ResearchPad - monosaccharides https://www.researchpad.co Default RSS Feed en-us © 2020 Newgen KnowledgeWorks <![CDATA[Pooling individual participant data from randomized controlled trials: Exploring potential loss of information]]> https://www.researchpad.co/article/elastic_article_7838 Pooling individual participant data to enable pooled analyses is often complicated by diversity in variables across available datasets. Therefore, recoding original variables is often necessary to build a pooled dataset. We aimed to quantify how much information is lost in this process and to what extent this jeopardizes validity of analyses results.MethodsData were derived from a platform that was developed to pool data from three randomized controlled trials on the effect of treatment of cardiovascular risk factors on cognitive decline or dementia. We quantified loss of information using the R-squared of linear regression models with pooled variables as a function of their original variable(s). In case the R-squared was below 0.8, we additionally explored the potential impact of loss of information for future analyses. We did this second step by comparing whether the Beta coefficient of the predictor differed more than 10% when adding original or recoded variables as a confounder in a linear regression model. In a simulation we randomly sampled numbers, recoded those < = 1000 to 0 and those >1000 to 1 and varied the range of the continuous variable, the ratio of recoded zeroes to recoded ones, or both, and again extracted the R-squared from linear models to quantify information loss.ResultsThe R-squared was below 0.8 for 8 out of 91 recoded variables. In 4 cases this had a substantial impact on the regression models, particularly when a continuous variable was recoded into a discrete variable. Our simulation showed that the least information is lost when the ratio of recoded zeroes to ones is 1:1.ConclusionsLarge, pooled datasets provide great opportunities, justifying the efforts for data harmonization. Still, caution is warranted when using recoded variables which variance is explained limitedly by their original variables as this may jeopardize the validity of study results. ]]> <![CDATA[Abrogation of pathogenic attributes in drug resistant <i>Candida auris</i> strains by farnesol]]> https://www.researchpad.co/article/elastic_article_7651 Candida auris, a decade old Candida species, has been identified globally as a significant nosocomial multidrug resistant (MDR) pathogen responsible for causing invasive outbreaks. Biofilms and overexpression of efflux pumps such as Major Facilitator Superfamily and ATP Binding Cassette are known to cause multidrug resistance in Candida species, including C. auris. Therefore, targeting these factors may prove an effective approach to combat MDR in C. auris. In this study, 25 clinical isolates of C. auris from different hospitals of South Africa were used. All the isolates were found capable enough to form biofilms on 96-well flat bottom microtiter plate that was further confirmed by MTT reduction assay. In addition, these strains have active drug efflux mechanism which was supported by rhodamine-6-G extracellular efflux and intracellular accumulation assays. Antifungal susceptibility profile of all the isolates against commonly used drugs was determined following CLSI recommended guidelines. We further studied the role of farnesol, an endogenous quorum sensing molecule, in modulating development of biofilms and drug efflux in C. auris. The MIC for planktonic cells ranged from 62.5–125 mM, and for sessile cells was 125 mM (4h biofilm) and 500 mM (12h and 24h biofilm). Furthermore, farnesol (125 mM) also suppresses adherence and biofilm formation by C. auris. Farnesol inhibited biofilm formation, blocked efflux pumps and downregulated biofilm- and efflux pump- associated genes. Modulation of C. auris biofilm formation and efflux pump activity by farnesol represent a promising approach for controlling life threatening infections caused by this pathogen.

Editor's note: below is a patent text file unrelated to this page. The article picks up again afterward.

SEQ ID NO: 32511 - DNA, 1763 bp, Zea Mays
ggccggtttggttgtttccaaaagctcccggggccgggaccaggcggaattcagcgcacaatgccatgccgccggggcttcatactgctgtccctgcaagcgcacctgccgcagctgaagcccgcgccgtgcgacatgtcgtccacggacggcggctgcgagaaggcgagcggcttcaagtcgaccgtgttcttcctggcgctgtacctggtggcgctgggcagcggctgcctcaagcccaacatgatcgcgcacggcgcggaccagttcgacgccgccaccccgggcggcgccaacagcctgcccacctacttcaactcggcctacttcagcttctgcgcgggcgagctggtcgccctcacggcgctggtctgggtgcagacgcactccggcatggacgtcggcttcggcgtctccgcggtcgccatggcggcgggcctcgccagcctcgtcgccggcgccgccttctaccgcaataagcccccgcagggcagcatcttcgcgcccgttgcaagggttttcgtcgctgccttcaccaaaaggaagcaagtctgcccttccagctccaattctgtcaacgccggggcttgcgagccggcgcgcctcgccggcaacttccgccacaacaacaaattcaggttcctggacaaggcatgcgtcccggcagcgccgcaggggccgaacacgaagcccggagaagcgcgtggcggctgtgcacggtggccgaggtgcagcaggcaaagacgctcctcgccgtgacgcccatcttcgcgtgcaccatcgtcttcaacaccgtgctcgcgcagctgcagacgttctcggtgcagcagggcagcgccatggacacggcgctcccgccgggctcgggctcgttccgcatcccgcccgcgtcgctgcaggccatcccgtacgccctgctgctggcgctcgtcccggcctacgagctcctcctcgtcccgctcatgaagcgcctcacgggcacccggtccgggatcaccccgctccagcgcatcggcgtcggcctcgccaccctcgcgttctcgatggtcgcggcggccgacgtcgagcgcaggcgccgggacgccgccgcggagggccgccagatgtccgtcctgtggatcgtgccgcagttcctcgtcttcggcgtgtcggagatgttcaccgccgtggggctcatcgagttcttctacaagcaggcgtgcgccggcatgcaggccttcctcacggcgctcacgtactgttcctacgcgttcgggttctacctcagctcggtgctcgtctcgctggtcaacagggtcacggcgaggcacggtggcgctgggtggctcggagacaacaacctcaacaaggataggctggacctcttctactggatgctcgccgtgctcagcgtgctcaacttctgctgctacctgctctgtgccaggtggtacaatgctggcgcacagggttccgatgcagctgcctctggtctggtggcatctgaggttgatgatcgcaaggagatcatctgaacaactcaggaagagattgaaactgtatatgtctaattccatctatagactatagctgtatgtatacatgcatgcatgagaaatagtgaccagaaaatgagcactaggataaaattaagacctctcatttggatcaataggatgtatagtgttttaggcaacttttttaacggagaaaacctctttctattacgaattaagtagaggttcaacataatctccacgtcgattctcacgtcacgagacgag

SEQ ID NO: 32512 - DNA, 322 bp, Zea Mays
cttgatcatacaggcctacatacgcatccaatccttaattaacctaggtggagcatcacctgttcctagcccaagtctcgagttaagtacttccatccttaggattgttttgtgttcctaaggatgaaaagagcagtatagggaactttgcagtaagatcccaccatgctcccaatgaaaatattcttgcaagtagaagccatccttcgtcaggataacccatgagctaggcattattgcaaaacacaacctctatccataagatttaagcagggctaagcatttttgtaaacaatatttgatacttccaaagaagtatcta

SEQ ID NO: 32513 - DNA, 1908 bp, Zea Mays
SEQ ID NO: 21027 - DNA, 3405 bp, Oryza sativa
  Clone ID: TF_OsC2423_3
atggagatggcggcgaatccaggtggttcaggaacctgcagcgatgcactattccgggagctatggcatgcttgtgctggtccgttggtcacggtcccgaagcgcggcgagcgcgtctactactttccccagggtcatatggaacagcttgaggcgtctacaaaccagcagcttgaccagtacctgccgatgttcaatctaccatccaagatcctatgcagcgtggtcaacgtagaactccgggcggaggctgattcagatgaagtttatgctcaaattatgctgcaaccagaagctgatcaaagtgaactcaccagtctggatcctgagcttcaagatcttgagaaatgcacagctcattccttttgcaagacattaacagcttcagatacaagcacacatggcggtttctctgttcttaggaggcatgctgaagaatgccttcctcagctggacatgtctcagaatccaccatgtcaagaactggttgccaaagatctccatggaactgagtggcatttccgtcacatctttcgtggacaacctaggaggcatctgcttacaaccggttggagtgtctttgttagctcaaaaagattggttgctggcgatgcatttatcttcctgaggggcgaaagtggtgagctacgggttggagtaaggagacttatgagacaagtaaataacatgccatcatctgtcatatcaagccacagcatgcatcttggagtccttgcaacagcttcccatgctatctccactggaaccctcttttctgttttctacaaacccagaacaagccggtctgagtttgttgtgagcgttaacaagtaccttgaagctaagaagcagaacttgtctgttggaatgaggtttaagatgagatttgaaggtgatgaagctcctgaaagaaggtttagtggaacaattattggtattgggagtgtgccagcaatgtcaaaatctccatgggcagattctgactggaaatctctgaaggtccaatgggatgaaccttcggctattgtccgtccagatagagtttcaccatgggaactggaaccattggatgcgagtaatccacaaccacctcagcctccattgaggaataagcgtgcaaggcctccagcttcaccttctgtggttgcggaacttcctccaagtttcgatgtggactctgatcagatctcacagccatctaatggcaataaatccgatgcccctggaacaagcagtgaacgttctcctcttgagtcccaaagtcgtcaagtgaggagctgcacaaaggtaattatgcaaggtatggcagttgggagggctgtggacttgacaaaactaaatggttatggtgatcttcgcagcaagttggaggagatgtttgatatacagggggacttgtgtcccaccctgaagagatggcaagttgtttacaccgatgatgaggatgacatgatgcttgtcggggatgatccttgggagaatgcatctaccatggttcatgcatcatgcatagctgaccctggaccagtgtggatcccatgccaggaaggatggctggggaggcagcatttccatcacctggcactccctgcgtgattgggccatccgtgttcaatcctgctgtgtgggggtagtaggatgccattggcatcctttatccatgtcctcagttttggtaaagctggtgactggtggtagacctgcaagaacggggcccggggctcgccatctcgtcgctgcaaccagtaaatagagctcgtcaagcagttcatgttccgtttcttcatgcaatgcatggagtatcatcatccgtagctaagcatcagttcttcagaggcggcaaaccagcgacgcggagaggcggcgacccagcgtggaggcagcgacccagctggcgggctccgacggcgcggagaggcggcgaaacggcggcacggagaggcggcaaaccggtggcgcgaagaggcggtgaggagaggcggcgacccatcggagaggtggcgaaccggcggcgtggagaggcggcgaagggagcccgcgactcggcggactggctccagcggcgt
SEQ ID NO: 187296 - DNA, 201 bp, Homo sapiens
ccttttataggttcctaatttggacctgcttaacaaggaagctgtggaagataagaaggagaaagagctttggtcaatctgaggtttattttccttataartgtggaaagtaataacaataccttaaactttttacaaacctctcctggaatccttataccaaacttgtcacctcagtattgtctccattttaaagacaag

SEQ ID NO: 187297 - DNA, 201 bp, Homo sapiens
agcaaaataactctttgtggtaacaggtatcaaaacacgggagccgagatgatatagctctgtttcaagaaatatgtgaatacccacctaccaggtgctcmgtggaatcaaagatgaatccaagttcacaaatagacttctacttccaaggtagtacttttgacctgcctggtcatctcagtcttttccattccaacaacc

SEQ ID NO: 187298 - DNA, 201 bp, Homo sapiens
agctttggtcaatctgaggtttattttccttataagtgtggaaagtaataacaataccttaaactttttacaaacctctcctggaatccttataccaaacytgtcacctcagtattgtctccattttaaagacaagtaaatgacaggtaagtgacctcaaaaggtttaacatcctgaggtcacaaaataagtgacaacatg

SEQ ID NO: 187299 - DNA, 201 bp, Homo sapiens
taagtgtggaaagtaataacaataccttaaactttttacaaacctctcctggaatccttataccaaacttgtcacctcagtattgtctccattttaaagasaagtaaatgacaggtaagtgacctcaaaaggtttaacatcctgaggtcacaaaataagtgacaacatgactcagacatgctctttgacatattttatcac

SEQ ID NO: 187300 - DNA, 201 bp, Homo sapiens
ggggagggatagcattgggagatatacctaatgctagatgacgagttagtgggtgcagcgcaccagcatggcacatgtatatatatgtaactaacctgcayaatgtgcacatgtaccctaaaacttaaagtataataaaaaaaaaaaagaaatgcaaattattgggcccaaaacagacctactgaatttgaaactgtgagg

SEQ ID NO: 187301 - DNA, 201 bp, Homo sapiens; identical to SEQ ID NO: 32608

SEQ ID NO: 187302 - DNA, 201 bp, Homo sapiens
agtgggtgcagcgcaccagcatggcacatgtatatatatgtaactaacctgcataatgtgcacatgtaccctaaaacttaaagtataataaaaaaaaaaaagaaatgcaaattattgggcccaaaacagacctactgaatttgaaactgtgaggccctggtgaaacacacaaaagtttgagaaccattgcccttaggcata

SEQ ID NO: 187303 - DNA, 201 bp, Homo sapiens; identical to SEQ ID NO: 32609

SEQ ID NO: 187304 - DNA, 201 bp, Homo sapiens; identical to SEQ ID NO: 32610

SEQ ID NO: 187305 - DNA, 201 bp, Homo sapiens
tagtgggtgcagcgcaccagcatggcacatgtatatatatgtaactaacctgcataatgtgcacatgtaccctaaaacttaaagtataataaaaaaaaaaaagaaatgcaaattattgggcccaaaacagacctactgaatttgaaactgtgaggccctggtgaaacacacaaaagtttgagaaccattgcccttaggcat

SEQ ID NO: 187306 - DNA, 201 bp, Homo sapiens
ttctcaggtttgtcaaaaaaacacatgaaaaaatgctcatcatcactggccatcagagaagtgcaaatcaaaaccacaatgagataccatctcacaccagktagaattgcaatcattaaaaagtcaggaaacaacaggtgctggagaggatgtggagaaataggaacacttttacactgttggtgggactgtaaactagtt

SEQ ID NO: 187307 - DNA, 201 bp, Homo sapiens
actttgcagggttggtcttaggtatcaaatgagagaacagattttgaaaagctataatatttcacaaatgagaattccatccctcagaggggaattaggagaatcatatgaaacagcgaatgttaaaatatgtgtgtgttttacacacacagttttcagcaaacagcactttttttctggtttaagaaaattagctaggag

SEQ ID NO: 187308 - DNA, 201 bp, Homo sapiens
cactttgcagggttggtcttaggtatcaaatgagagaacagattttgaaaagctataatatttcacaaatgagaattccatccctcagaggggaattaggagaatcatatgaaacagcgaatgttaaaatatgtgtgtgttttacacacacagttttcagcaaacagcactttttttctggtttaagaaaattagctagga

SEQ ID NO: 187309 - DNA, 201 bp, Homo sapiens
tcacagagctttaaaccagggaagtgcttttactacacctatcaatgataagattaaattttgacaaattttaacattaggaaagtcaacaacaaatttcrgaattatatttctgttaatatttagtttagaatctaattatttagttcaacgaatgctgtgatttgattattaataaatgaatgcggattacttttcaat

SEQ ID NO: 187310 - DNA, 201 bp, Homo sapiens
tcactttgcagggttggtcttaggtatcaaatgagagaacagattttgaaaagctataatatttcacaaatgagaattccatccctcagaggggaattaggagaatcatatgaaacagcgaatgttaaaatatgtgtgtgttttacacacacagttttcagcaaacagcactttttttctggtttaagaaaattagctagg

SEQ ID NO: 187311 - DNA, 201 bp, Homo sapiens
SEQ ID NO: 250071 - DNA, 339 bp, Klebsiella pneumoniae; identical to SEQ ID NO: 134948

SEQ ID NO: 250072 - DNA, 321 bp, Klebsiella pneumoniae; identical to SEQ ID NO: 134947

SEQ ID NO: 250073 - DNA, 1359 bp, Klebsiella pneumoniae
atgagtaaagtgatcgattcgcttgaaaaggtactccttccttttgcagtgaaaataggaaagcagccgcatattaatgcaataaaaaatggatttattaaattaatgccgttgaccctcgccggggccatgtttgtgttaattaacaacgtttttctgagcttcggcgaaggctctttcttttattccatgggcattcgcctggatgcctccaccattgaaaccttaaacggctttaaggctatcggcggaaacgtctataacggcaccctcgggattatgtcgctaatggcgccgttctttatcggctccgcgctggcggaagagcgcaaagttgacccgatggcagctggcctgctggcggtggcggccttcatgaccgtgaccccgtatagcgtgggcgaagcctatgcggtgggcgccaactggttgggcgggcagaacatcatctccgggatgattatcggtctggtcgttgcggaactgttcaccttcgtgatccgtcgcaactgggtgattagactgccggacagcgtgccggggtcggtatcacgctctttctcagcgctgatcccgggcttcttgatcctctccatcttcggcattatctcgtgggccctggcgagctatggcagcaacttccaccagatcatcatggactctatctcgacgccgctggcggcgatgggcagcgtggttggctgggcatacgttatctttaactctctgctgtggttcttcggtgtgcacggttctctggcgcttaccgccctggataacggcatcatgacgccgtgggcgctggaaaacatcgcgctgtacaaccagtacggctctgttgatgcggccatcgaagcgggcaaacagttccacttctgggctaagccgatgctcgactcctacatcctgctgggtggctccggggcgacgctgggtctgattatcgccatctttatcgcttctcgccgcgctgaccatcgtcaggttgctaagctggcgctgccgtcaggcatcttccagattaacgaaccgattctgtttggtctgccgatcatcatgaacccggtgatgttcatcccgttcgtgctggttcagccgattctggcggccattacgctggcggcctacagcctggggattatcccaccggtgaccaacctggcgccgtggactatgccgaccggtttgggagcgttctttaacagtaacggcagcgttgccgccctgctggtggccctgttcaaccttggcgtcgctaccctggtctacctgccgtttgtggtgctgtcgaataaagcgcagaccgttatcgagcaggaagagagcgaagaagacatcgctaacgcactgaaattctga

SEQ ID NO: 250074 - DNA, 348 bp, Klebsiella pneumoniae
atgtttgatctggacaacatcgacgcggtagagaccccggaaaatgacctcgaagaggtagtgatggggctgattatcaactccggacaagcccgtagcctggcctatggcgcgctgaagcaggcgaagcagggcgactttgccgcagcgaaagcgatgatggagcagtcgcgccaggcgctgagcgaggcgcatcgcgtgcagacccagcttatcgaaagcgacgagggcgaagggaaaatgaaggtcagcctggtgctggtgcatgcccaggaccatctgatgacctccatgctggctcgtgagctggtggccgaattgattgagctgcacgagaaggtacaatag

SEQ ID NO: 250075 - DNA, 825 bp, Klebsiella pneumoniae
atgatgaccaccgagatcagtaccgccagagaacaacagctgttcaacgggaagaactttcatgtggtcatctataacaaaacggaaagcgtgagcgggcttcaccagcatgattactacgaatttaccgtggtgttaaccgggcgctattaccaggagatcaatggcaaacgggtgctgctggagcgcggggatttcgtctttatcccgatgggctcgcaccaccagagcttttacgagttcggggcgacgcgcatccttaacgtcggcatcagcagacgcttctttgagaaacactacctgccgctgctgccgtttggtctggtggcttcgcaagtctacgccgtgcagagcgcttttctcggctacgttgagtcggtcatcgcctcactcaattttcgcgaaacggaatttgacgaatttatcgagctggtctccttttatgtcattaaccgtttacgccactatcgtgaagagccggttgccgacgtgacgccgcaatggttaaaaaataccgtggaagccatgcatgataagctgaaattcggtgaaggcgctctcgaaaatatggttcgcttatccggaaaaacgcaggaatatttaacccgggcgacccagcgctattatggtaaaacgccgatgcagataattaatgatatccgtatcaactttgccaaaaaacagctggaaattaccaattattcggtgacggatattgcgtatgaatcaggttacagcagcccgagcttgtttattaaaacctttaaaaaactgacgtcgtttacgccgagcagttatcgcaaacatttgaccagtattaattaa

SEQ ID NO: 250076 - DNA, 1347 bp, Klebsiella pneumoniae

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<![CDATA[Physicochemical and biological evaluation of JR-131 as a biosimilar to a long-acting erythropoiesis-stimulating agent darbepoetin alfa]]> https://www.researchpad.co/article/Na789b0ff-1b14-409c-afa6-0c7a70fc7c42